Why Jean-Jacques Confuron is Essential
Selected by Ashley Hausman MW
It's nearly impossible these days to point people in the direction of affordable red Burgundy — especially when they have an address in the Côte de Nuits, where all but one of the famed Grand Cru Pinot Noir vineyards reside. Real estate isn't cheap, and the combination of rising demand and inclement weather threatening the already-minuscule supply makes it all but a pipe dream to have access to this region anymore.
Still, there are a couple gems here and there that manage to have both pedigree and a prolific range in their portfolio — from Bourgogne and village-level wines that won't have you negotiating your firstborn on up to Romanée-Saint-Vivant (a bottle you might justify buying to share with your firstborn on their 21st birthday).
One such gem: Domaine Jean-Jacques Confuron, an estate whose story is not without a good dose of love, marriages, merging of vines, and all the twists and turns that make Burgundy so complicated and fascinating.
Jean Confuron fell in love with a girl from Primeaux. Together, they built J. Confuron in 1926 in this village. Their sons — Christian and Jean-Jacques — didn’t really see eye-to-eye and went their own ways with the vines they inherited. Unfortunately, Jean-Jacques died rather early in life, leaving his young daughter Sophie to step up.
Good-humored and entertaining, she jokes about how clueless she was back then, completely redirecting her path towards enology in a moment's notice. She fell for a fellow in class, Alain Meunier, and together they took on the domaine and began making changes that have fostered the esteemed reputation they have to this day. One impressionable lecture by soil genius Claude Bourguignon, and the couple knew quality was in the dirt. Beginning in the 1990s, they converted to organic viticulture, far ahead of their time due to a keen interest in soil health.
They are a warm and funny pair. Sophie is sarcastic and quick-witted — a storyteller animated with details and a fiery sense about her. Alain seems a bit more reserved but radiates thoughtfulness. When I visited, he was working in the vineyards. This is how they have kept the marriage, Sophie joked, “He does the vines, I do the wine!” If proof is on the palate, I would say they made it work perfectly.
Grapes: Pinot Noir, Chardonnay
Appellations/Cru: Nuits-Saint-Georges AOC, Grand Cru Chambolle-Musigny AOC, Grand Cru Romanée-Saint-Vivant AOC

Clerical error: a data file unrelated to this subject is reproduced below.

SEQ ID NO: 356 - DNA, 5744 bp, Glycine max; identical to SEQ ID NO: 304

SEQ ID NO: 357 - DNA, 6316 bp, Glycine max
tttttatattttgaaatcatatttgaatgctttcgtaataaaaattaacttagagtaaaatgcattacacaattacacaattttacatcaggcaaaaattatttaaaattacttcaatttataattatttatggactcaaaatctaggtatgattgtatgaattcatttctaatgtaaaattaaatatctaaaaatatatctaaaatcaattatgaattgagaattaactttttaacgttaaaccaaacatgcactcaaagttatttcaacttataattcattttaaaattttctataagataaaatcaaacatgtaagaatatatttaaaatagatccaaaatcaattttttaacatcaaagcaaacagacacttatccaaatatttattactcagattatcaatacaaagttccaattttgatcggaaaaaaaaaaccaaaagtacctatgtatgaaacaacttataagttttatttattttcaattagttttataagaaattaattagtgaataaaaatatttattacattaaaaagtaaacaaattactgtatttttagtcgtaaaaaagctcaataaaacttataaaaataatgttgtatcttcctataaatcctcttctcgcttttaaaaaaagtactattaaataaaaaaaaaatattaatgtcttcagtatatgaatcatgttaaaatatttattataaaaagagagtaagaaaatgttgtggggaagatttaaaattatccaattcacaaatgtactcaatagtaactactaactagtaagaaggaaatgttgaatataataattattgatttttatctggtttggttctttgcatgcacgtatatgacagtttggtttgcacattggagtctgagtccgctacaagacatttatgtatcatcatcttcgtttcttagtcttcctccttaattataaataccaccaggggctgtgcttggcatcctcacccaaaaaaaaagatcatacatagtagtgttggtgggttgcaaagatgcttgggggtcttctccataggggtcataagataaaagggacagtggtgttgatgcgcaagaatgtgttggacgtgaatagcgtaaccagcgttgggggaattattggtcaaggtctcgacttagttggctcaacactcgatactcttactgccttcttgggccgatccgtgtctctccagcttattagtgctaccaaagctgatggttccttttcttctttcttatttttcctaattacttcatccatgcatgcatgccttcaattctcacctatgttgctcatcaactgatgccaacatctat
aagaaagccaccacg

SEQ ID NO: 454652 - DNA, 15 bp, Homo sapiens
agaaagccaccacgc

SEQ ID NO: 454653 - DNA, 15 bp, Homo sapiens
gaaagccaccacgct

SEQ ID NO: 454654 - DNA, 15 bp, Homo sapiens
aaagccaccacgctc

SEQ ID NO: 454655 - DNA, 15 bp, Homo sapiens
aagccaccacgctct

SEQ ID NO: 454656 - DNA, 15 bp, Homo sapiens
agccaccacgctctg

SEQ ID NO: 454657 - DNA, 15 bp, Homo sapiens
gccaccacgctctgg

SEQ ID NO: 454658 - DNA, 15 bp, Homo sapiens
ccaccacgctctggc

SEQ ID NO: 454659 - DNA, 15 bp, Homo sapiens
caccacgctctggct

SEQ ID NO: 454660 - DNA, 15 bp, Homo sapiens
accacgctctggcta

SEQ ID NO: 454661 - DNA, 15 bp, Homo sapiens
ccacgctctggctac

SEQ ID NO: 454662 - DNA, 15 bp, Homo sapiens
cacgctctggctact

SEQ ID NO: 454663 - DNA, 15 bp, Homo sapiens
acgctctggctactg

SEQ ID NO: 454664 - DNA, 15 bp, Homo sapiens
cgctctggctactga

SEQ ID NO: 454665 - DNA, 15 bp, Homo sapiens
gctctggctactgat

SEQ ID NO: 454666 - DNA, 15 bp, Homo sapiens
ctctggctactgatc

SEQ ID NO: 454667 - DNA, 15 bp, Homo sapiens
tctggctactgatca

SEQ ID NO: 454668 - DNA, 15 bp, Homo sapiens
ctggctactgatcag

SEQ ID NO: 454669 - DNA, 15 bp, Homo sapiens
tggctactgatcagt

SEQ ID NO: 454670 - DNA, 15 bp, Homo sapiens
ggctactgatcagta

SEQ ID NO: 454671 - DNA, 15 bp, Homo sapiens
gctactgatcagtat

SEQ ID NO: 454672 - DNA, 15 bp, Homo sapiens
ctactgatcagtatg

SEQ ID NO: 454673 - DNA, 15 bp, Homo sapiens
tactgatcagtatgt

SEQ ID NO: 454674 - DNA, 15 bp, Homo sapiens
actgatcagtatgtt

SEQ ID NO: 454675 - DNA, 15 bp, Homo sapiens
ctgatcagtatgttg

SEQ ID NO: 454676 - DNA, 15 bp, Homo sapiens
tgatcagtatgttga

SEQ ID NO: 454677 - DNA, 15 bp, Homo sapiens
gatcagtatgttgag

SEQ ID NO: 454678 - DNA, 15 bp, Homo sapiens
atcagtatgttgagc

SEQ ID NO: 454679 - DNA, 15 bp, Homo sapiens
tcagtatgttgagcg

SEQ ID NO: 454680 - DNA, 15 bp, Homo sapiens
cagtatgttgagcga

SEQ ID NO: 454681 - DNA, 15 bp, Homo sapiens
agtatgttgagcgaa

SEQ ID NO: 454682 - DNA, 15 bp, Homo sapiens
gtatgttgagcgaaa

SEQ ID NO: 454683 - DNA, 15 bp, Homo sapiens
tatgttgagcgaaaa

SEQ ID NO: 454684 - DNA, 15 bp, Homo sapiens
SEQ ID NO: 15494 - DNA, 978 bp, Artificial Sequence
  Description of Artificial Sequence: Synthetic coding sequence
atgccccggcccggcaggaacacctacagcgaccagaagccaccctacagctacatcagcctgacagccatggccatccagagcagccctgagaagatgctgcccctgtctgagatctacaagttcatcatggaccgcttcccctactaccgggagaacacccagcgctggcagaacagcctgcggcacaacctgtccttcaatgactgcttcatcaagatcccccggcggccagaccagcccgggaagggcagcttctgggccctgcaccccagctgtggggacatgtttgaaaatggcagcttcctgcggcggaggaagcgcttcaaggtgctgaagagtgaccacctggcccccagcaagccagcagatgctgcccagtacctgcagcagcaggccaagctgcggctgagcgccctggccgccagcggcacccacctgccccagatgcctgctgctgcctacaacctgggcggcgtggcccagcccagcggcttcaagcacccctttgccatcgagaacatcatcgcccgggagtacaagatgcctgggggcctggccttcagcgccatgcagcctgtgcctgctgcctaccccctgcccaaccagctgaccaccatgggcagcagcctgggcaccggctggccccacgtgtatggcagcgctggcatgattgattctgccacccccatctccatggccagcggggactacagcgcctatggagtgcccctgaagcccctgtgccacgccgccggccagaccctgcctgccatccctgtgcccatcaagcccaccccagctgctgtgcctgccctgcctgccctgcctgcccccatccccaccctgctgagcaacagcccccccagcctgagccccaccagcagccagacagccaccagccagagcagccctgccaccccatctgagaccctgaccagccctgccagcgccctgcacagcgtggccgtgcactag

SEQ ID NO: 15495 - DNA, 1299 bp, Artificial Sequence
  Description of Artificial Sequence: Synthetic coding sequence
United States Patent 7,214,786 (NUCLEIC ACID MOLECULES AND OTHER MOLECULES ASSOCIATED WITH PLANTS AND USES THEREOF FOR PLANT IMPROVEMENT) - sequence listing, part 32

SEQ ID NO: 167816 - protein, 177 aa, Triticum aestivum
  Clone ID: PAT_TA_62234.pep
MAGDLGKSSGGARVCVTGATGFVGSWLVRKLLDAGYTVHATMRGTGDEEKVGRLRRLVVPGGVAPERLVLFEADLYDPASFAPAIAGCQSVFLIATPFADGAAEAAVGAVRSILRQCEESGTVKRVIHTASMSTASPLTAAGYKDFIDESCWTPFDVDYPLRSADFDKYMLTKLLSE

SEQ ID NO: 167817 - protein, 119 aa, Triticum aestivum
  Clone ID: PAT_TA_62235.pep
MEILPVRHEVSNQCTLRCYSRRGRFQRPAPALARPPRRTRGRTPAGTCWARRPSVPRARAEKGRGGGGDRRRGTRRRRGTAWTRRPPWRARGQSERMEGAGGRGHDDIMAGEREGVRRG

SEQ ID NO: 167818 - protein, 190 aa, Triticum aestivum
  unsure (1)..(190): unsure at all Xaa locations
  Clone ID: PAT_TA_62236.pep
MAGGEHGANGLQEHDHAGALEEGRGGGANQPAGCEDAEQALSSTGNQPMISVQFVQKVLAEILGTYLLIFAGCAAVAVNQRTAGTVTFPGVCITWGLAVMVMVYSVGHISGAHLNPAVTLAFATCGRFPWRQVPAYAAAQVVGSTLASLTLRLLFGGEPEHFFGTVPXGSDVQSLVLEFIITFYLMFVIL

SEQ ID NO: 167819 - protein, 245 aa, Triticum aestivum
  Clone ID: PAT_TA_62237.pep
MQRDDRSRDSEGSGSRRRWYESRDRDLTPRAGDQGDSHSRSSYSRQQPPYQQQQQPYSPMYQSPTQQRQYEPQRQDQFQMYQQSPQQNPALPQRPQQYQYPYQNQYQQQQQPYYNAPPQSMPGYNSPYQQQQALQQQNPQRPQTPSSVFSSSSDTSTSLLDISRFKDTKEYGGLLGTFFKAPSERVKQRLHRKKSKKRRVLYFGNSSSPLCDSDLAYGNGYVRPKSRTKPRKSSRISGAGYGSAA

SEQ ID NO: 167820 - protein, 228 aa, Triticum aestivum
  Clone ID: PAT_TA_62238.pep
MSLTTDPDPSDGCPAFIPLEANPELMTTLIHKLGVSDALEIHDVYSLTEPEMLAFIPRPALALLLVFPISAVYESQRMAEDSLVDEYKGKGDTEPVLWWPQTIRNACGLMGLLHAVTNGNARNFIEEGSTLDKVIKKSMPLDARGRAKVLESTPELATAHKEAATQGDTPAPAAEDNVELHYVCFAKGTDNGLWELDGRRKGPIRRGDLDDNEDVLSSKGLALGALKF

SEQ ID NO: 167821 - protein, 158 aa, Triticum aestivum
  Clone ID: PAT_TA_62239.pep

No website listed
American Importer: Caveau Selections, Old World Wine Co.
Originally listed: October 2021
Wines to Seek Out
Their focus is Pinot Noir, as one would suspect when their holdings are sitting on prime terroir for it. Still, they make a tiny bit of Chardonnay and Aligoté as well. They tend towards de-stemming their fruit (Sophie: "I would never put in the wine what I wouldn't want in my mouth!") and they aren't shy about using new oak. Their wines are vivid, bold, and unapologetically robust. Yet, they hold the spirit and single-site specificity we all cherish so much from Burgundy — where your palate tells you where you are on the map.
With a good handful of these falling in the "Not Cheap But Affordable Especially On A Saturday Date Night and Damnit I Feel Like Burgundy" category, you can taste your way through the Côte de Nuits and the special parcels the Meuniers own.
Domaine Jean-Jacques Confuron Côte de Nuits-Villages Blanc 'La Montagne'
A rarity, as only about 3% of Confuron's production is Chardonnay, La Montagne always manages to deliver a healthy balance of ripe, opulent almost tropical fruit and still a fine line of minerality that brings you back home to Burgundy. It begs for rich, decadent halibut, risotto, or classic roast chicken.
Domaine Jean-Jacques Confuron Côte de Nuits-Villages “Vignottes”
This wine is always a delight on the nose — a fury of violets, game, warm soil and alpine fruit. It has lift and yet feels firm to the ground. This is exactly the wine you reach for when you are craving top shelf Pinot but simply can't justify the spend. A gorgeous insight into the character and essence of the Cote de Nuits.
Domaine Jean-Jacques Confuron Nuits-Saint-Georges “Fleurieres”
This wine always presents a pleasing paradox for the imagination. The fruits are somehow both brooding and buoyant, the tannins supple yet stately, the finishing flavors slightly rustic yet refined. It's charming and aspirational, demonstrating some of the aspects of a Gevrey-Chambertin while humbly remaining what it is — not trying to speak above the noise or proclaim to be more than it is. It is simply, wonderfully, exactly what “NSG” should be for a price that is easy-to-swallow more than once-in-a-great-while.
Domaine Jean-Jacques Confuron Grand Cru Chambolle-Musigny
Now we are getting into the business. Chambolle, when produced with care and respect, has the ability to transform you forever. It can be the thing that makes you grab the shovel and begin digging the Burgundy rabbit hole of your financial demise. If that sounds appealing (the former, not the latter), then this might be the place to start. Confuron takes care to maintain the exquisite texture Chambolle has inspired so many to try and articulate. Silken and supple, tight and focused, woven into harmonious, smoky, red and black fruit. These wines are consistently captivating in youth or with considerable cellar time.
Domaine Jean-Jacques Confuron Grand Cru Romanée-Saint-Vivant
If you are itching to take that bonus and spend it on a wine that will stand the test of time, then perhaps you will consider their Romanée-Saint-Vivant. Domaine Jean-Jacques Confuron is technically the 5th largest holder of this prized parcel … with less than 0.5 hectares. This wine carries a haunting perfume and unparalleled intensity on the palate. If you pull the trigger, do yourself a favor and wait at least a decade before pulling that cork. These wines tell the best stories much later in their lives.